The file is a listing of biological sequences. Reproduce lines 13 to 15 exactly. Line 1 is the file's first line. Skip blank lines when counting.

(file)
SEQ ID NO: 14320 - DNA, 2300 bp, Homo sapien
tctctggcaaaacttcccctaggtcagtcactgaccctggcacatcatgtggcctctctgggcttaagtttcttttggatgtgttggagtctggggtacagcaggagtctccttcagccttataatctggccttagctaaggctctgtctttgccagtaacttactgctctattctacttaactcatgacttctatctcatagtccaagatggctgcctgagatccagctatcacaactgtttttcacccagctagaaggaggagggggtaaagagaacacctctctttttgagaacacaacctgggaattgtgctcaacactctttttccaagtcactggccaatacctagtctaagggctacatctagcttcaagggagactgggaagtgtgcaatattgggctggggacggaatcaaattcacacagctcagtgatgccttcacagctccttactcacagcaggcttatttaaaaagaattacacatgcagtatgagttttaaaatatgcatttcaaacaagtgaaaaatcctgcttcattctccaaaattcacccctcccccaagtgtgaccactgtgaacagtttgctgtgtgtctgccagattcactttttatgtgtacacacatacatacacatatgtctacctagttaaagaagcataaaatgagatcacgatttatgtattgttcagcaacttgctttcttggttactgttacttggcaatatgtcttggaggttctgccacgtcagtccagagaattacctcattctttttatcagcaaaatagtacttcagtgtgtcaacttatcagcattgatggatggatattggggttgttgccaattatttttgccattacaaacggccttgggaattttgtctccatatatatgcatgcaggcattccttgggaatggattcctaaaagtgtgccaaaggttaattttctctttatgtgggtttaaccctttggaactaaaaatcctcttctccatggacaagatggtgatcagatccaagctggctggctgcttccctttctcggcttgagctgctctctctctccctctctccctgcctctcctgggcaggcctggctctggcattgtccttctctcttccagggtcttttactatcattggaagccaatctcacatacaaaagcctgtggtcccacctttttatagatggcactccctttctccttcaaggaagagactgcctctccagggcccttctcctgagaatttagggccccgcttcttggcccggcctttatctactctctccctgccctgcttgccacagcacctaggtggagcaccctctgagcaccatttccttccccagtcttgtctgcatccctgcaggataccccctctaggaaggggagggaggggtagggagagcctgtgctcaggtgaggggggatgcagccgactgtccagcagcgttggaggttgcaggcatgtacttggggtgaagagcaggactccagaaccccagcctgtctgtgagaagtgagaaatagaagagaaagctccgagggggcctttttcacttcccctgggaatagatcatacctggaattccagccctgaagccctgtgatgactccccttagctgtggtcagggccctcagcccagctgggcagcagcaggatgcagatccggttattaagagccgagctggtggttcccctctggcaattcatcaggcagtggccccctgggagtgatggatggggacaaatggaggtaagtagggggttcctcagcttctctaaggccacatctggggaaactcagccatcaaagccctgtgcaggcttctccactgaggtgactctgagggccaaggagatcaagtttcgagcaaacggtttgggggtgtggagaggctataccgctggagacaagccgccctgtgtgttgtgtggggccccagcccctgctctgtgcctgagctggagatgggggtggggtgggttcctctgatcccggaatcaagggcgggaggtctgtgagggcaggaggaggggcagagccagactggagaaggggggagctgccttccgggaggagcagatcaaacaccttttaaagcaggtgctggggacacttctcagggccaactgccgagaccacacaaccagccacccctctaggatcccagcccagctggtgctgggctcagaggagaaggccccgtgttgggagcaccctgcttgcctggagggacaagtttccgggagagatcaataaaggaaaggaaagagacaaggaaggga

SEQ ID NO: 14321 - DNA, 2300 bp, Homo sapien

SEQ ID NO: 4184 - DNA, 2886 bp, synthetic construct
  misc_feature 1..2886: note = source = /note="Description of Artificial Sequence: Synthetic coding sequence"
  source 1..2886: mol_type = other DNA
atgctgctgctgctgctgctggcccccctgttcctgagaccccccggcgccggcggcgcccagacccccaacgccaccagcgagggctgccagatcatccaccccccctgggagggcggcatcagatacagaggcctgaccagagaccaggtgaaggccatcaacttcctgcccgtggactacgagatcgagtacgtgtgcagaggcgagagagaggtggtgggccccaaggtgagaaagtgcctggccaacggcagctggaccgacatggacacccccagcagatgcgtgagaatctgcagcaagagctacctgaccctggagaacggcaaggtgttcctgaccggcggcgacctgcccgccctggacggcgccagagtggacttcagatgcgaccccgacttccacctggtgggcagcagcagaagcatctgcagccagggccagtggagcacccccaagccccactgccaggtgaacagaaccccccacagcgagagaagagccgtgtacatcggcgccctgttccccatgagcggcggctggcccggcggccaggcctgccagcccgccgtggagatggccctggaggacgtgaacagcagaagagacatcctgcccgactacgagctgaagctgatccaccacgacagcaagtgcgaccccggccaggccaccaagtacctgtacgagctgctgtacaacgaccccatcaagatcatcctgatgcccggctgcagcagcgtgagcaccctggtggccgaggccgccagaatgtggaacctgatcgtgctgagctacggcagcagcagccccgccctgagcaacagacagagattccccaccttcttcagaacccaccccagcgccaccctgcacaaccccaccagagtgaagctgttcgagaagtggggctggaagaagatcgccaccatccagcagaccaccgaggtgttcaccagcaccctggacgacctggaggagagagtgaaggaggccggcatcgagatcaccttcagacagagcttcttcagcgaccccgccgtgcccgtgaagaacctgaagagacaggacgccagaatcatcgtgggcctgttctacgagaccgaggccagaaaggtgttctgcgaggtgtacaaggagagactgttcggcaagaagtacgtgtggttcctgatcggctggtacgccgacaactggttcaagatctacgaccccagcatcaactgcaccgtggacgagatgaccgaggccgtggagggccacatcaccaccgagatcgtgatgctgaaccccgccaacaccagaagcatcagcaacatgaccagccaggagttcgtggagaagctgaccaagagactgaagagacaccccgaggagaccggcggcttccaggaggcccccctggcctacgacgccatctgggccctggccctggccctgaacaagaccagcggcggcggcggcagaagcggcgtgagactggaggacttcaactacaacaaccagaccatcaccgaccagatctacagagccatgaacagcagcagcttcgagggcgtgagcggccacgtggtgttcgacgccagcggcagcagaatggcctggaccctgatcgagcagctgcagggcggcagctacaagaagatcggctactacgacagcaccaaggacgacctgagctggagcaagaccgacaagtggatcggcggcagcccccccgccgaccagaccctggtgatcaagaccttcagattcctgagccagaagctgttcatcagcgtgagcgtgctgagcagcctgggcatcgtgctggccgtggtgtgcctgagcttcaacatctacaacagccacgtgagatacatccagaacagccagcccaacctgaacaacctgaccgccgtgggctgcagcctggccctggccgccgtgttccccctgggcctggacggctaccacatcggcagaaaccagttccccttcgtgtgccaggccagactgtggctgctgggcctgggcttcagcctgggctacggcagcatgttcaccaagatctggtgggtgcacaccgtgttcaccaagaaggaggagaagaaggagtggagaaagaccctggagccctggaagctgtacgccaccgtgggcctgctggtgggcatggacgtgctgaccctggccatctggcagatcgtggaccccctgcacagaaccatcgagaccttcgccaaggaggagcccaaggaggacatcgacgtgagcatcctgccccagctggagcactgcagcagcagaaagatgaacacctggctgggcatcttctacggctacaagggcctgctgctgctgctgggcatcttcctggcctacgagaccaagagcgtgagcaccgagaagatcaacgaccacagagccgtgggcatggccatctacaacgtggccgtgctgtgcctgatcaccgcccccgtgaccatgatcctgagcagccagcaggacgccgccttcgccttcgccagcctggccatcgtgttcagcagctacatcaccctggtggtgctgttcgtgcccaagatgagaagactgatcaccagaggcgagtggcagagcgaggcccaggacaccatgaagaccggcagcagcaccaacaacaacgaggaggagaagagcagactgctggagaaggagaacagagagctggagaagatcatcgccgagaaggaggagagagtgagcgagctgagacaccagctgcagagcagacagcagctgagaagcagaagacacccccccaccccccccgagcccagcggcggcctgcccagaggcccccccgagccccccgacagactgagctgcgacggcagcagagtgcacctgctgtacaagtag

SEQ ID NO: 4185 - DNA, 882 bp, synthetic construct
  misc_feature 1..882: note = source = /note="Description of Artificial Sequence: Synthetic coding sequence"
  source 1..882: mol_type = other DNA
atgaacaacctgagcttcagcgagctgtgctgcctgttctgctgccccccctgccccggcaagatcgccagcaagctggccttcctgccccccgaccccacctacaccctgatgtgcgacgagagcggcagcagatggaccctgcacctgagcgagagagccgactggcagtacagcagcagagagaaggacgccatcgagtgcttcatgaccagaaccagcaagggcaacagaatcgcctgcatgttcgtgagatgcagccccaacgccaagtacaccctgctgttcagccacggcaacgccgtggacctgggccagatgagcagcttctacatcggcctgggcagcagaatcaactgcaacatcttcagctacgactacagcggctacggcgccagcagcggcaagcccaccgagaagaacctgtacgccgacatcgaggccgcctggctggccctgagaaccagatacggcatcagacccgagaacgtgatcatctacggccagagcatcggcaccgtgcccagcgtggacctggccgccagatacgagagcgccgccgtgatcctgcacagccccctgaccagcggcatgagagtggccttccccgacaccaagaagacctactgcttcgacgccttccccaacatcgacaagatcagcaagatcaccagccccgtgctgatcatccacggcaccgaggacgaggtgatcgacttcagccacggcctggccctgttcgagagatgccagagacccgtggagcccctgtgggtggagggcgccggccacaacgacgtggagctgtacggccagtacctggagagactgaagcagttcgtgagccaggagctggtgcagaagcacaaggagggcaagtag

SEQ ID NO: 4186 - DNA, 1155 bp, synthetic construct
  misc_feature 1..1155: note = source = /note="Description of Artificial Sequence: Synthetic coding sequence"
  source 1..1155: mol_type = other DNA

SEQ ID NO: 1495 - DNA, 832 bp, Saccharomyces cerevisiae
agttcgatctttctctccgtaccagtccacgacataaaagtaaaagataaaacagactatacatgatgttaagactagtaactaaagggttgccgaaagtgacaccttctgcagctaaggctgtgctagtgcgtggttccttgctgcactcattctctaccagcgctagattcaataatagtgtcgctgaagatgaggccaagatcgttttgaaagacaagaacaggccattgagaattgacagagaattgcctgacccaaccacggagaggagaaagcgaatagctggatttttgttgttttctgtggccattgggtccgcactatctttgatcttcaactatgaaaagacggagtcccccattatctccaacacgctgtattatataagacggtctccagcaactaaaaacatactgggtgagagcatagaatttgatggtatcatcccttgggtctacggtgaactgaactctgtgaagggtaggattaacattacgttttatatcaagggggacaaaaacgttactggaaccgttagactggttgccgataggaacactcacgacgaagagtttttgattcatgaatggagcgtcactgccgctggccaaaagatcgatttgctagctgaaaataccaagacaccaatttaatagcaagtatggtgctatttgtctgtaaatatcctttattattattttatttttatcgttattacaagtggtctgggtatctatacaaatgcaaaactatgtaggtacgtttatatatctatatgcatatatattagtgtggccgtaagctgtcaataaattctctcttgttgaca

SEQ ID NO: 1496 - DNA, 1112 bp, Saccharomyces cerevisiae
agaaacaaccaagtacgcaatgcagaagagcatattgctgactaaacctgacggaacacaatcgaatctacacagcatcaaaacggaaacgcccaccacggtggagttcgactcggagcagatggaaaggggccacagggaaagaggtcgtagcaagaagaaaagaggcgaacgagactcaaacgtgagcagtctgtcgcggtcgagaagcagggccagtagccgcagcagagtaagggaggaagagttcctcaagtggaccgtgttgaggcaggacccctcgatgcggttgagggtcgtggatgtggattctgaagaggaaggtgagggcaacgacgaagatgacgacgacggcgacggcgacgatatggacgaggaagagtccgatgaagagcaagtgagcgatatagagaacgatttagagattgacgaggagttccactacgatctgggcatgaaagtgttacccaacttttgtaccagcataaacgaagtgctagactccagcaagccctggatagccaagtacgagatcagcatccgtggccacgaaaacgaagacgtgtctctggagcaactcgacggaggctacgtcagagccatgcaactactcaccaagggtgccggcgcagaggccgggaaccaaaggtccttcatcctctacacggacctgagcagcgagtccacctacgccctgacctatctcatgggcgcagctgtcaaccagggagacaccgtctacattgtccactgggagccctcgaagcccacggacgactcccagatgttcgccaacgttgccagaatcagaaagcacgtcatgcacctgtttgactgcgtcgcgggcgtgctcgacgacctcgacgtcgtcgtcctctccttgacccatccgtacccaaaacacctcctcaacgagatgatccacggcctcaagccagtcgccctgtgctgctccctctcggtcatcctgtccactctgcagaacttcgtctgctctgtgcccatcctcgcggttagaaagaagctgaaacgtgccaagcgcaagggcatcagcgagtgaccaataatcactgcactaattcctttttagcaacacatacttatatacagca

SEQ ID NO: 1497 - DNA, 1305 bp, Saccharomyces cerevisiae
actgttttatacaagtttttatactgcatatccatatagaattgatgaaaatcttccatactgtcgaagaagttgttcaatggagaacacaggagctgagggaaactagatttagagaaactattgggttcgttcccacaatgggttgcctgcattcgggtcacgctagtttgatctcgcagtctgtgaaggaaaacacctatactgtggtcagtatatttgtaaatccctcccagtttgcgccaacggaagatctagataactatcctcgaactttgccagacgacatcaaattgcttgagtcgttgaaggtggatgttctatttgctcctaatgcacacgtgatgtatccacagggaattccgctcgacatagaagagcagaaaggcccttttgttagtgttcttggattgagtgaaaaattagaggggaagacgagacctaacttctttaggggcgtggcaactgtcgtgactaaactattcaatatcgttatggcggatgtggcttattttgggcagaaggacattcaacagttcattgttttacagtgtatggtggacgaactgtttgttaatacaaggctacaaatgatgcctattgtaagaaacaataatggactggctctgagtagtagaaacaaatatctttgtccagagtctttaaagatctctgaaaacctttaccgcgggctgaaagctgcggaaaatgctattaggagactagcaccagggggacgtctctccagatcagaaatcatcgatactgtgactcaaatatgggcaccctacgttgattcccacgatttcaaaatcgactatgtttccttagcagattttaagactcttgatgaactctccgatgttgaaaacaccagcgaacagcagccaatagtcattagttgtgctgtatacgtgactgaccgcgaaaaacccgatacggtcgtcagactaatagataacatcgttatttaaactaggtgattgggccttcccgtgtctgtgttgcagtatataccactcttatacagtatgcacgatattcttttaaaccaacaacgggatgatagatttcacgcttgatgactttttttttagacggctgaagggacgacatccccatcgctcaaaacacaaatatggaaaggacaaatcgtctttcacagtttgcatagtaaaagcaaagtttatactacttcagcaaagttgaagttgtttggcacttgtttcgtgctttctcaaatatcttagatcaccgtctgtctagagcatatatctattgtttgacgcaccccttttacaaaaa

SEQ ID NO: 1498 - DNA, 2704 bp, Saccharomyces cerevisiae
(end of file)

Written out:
  misc_feature 1..1155: note = source = /note="Description of Artificial Sequence: Synthetic coding sequence"
  source 1..1155: mol_type = other DNA

SEQ ID NO: 1495 - DNA, 832 bp, Saccharomyces cerevisiae